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'Doom-pop' cult band Floor take their second chances seriously 

Let the bodies hit the ...

Miami trio Floor seemed destined to be one of the great lost cult acts in the American sludge (or "doom-pop," as guitarist Anthony Vialon helpfully clarifies) idiom, loved by a small but fervent audience for albums like Floor and Dove, before abruptly imploding in 2003. Vialon confesses that he was stunned by the sudden breakup, but his fellow members hit the ground running. Henry Wilson did time in both Dove and House of Lightning, and, more notably, Steve Brooks found acclaim as frontman of Torche. Torche's success, however, had the runoff effect of increasing interest in this more enigmatic and obscure earlier outlet for Brooks. Vialon says, "Steve formed Torche and, largely [because] of their success and the internet, we became more popular."

Floor finally reformed in 2013 – as much of a case of tying up creative unfinished business as anything else – to issue the incredible comeback album Oblation, and undertake the extensive touring they never got around to in their first incarnation. Vialon still seems surprised by the reception: "When we got back together it was really cool to see how much our cult following had grown. We've gotten to tour far more than we did before, all over the U.S. and Europe. Grateful for all of it."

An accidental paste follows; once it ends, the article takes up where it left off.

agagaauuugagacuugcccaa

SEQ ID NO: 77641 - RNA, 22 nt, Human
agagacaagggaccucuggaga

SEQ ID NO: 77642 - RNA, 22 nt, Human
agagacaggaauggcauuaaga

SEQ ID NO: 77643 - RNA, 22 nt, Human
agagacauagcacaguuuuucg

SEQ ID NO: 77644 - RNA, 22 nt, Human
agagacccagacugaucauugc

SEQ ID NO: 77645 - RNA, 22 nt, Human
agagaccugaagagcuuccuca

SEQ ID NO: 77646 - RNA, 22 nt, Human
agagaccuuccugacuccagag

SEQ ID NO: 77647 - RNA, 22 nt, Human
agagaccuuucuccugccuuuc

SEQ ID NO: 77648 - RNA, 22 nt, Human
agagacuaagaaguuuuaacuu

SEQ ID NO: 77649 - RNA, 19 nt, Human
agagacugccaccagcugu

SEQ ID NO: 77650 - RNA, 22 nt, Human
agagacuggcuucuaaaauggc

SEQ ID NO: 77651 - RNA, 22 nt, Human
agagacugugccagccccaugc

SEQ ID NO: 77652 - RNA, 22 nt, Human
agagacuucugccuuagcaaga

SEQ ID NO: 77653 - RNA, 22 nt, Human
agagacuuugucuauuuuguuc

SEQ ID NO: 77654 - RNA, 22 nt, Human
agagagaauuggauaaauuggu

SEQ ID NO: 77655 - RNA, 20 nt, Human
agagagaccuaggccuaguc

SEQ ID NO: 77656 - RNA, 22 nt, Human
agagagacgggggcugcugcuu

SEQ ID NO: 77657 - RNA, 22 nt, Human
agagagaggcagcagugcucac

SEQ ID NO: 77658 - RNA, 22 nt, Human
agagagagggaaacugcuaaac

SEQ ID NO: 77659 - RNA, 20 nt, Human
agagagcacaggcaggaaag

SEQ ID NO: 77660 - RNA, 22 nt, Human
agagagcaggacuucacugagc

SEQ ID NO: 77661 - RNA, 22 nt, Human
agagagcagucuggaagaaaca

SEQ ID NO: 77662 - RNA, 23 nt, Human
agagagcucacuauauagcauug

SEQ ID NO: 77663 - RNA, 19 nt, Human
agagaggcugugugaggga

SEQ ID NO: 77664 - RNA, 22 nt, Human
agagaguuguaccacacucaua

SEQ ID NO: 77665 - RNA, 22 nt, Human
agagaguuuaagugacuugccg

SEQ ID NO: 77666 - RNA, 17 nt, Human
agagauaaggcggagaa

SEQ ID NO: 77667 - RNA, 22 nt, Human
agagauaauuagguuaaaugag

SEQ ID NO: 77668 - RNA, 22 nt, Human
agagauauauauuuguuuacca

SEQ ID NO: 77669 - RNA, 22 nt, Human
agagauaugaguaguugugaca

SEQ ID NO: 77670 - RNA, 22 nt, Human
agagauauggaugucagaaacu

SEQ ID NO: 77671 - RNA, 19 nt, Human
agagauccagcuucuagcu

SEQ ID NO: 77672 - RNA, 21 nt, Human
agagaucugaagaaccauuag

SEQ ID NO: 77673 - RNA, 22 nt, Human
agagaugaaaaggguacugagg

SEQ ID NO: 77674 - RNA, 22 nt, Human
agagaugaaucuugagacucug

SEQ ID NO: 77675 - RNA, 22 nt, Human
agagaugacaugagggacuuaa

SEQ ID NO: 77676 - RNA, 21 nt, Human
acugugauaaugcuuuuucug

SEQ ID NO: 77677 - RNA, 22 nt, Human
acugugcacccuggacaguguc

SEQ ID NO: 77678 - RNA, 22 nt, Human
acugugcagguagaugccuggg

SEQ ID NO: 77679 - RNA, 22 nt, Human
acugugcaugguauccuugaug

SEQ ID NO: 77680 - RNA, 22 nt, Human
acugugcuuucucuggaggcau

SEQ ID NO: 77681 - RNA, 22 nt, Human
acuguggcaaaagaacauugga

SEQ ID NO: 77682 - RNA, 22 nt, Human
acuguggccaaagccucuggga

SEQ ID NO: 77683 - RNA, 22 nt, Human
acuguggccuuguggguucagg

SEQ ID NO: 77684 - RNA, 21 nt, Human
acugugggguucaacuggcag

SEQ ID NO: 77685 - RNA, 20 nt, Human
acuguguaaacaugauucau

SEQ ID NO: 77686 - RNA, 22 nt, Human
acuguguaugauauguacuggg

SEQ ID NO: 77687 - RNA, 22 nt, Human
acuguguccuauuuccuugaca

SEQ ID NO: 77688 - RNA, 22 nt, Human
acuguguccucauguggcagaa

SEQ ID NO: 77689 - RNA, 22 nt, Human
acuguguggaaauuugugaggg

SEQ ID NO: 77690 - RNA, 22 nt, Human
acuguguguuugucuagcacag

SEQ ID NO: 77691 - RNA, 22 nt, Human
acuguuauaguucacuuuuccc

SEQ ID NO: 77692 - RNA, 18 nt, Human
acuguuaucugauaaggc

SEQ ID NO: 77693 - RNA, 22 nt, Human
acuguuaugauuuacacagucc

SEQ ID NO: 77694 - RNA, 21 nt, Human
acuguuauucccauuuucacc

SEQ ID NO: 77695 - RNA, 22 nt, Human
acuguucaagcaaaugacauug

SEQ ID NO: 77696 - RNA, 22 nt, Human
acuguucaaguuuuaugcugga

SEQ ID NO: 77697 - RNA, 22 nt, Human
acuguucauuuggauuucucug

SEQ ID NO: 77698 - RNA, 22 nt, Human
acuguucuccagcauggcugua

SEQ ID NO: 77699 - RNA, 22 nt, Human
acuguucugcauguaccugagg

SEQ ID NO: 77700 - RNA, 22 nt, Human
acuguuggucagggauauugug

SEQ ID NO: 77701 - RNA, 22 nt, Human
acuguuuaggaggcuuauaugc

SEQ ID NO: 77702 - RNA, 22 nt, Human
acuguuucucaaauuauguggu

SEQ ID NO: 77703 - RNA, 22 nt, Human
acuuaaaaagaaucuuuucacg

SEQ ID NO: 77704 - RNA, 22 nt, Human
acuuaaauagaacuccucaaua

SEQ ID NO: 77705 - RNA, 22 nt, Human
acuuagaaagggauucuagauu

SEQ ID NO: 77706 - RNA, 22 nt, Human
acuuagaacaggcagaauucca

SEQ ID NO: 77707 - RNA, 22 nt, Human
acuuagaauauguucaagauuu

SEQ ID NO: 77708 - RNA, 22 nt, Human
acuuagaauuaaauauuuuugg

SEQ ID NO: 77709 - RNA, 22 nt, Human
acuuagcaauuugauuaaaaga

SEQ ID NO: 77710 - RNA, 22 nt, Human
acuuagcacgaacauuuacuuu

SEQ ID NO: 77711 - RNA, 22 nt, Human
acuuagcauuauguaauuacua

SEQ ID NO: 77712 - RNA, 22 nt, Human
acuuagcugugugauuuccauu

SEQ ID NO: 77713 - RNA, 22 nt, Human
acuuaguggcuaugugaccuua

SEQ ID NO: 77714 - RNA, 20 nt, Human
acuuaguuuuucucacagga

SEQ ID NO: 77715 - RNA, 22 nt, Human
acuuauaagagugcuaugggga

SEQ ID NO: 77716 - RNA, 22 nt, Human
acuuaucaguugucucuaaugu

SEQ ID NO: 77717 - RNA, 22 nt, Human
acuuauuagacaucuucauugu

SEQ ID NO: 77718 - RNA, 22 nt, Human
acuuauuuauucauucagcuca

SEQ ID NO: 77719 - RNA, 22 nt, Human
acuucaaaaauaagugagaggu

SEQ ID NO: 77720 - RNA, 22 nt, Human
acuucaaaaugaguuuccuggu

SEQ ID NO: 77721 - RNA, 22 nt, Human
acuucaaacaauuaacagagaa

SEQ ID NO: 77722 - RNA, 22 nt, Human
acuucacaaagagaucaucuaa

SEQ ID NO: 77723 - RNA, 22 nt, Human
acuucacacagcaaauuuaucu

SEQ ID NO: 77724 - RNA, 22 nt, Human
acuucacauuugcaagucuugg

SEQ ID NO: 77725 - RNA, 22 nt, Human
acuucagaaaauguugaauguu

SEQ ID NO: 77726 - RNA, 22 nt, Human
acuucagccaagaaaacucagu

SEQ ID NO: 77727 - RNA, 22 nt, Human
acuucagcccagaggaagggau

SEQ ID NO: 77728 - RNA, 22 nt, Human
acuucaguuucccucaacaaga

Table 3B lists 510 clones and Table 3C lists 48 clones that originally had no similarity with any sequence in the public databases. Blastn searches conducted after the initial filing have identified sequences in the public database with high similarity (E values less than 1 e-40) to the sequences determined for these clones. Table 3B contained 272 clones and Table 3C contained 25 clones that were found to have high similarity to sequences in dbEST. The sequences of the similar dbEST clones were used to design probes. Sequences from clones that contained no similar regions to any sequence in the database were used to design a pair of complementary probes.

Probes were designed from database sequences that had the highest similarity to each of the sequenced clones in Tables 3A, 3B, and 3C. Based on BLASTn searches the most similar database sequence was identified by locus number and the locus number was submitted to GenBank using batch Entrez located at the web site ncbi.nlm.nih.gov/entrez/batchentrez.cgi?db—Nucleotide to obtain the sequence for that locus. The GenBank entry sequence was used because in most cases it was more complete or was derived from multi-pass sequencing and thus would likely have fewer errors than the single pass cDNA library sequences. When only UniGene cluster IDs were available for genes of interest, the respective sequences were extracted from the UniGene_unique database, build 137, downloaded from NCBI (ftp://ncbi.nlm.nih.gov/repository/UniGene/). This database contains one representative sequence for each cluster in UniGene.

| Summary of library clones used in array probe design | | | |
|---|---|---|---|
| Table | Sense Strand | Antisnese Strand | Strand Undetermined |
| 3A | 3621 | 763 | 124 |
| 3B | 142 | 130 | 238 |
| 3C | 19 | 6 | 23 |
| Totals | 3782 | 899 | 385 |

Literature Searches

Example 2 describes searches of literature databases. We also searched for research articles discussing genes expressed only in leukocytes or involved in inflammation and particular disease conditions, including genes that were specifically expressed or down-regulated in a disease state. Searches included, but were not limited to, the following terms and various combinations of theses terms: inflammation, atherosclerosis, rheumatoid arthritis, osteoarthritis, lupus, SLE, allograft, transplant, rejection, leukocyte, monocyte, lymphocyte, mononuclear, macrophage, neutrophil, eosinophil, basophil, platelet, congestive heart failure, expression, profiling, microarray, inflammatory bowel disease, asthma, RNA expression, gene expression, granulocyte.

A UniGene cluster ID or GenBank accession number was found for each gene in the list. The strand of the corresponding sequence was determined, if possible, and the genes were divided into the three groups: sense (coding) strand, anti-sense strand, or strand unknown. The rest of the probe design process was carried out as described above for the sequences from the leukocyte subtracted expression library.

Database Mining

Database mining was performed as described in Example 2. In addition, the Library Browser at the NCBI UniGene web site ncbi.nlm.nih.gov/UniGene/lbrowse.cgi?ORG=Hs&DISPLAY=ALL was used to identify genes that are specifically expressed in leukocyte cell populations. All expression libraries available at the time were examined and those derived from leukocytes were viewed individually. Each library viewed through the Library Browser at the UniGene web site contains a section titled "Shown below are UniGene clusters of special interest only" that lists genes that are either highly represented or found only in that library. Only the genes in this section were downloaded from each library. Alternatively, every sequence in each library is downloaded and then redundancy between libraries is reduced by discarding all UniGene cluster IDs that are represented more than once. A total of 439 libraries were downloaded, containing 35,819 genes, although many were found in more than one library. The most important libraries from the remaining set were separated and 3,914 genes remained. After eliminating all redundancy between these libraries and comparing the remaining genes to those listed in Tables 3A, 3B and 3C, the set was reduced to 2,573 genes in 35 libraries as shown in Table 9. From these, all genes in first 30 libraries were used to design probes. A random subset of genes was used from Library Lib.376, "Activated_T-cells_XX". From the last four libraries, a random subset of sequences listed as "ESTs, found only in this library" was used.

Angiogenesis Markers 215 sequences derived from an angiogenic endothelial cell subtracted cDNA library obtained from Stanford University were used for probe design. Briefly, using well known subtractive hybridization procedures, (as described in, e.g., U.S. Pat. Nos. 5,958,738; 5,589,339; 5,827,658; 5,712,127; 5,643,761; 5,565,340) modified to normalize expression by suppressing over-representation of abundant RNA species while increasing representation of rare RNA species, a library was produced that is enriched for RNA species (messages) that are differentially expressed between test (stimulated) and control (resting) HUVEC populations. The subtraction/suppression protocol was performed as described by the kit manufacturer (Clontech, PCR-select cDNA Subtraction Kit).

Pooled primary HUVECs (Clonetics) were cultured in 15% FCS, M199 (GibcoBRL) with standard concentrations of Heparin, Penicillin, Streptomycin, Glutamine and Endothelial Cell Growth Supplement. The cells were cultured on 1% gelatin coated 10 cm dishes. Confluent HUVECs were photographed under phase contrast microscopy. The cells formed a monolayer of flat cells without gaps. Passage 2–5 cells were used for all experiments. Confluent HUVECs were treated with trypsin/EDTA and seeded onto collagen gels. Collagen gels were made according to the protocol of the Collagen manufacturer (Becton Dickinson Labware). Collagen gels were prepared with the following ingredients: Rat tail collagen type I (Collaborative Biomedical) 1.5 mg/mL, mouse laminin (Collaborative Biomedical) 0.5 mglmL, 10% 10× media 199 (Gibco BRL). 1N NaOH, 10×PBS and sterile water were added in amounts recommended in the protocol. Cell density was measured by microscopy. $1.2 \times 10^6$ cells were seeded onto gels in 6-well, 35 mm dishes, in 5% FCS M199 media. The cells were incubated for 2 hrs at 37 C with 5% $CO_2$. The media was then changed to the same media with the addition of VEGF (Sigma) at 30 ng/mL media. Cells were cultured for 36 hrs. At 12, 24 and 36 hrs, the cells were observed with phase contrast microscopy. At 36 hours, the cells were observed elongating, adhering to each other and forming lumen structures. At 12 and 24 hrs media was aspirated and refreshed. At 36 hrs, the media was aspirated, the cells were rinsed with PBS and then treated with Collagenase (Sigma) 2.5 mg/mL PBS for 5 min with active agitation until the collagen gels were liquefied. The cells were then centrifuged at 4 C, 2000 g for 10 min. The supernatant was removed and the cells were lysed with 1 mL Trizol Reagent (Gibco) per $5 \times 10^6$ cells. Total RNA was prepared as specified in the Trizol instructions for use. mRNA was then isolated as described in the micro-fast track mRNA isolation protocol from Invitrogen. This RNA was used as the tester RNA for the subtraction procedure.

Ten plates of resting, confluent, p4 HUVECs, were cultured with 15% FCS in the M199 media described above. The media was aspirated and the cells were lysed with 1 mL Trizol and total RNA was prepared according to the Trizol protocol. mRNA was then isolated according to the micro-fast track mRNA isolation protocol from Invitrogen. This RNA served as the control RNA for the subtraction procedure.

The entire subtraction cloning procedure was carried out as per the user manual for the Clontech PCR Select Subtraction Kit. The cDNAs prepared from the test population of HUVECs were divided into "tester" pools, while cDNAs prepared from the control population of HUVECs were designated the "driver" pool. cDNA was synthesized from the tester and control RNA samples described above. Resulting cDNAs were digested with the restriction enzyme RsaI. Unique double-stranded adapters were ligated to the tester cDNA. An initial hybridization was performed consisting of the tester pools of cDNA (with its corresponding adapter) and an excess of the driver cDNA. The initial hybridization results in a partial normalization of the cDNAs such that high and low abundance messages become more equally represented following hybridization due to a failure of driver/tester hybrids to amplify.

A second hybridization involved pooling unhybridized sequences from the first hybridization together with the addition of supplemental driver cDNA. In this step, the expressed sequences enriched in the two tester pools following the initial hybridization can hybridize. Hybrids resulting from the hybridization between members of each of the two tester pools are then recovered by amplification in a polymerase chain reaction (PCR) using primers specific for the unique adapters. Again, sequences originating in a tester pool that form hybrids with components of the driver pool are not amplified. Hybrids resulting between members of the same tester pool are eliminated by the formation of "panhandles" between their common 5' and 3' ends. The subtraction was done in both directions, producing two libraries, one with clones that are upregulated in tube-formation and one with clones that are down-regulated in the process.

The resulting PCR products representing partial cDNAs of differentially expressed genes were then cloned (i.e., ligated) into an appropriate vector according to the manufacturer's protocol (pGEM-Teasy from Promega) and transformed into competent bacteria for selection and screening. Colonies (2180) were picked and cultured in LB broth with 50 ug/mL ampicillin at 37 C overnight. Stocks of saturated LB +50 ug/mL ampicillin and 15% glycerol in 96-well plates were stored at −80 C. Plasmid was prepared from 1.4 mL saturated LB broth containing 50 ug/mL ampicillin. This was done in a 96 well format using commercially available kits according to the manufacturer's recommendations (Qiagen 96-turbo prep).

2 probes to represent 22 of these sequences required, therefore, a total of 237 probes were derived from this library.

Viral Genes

Despite having a sound largely based around aggression and volume, Vialon talks about their creative interplay as more often than not being based on humor. He explains, "Many decisions have been made on how funny we'd think something is." When it's time to get on stage, though, this threesome doesn't fuck around. Vialon promises "two guitars, stomping drums; powerful and all very beautiful. And when the crowd joins in with the singing, they become part of the show and it's something magical." Floor are not to be missed; credible second acts like this don't often come around in underground music.

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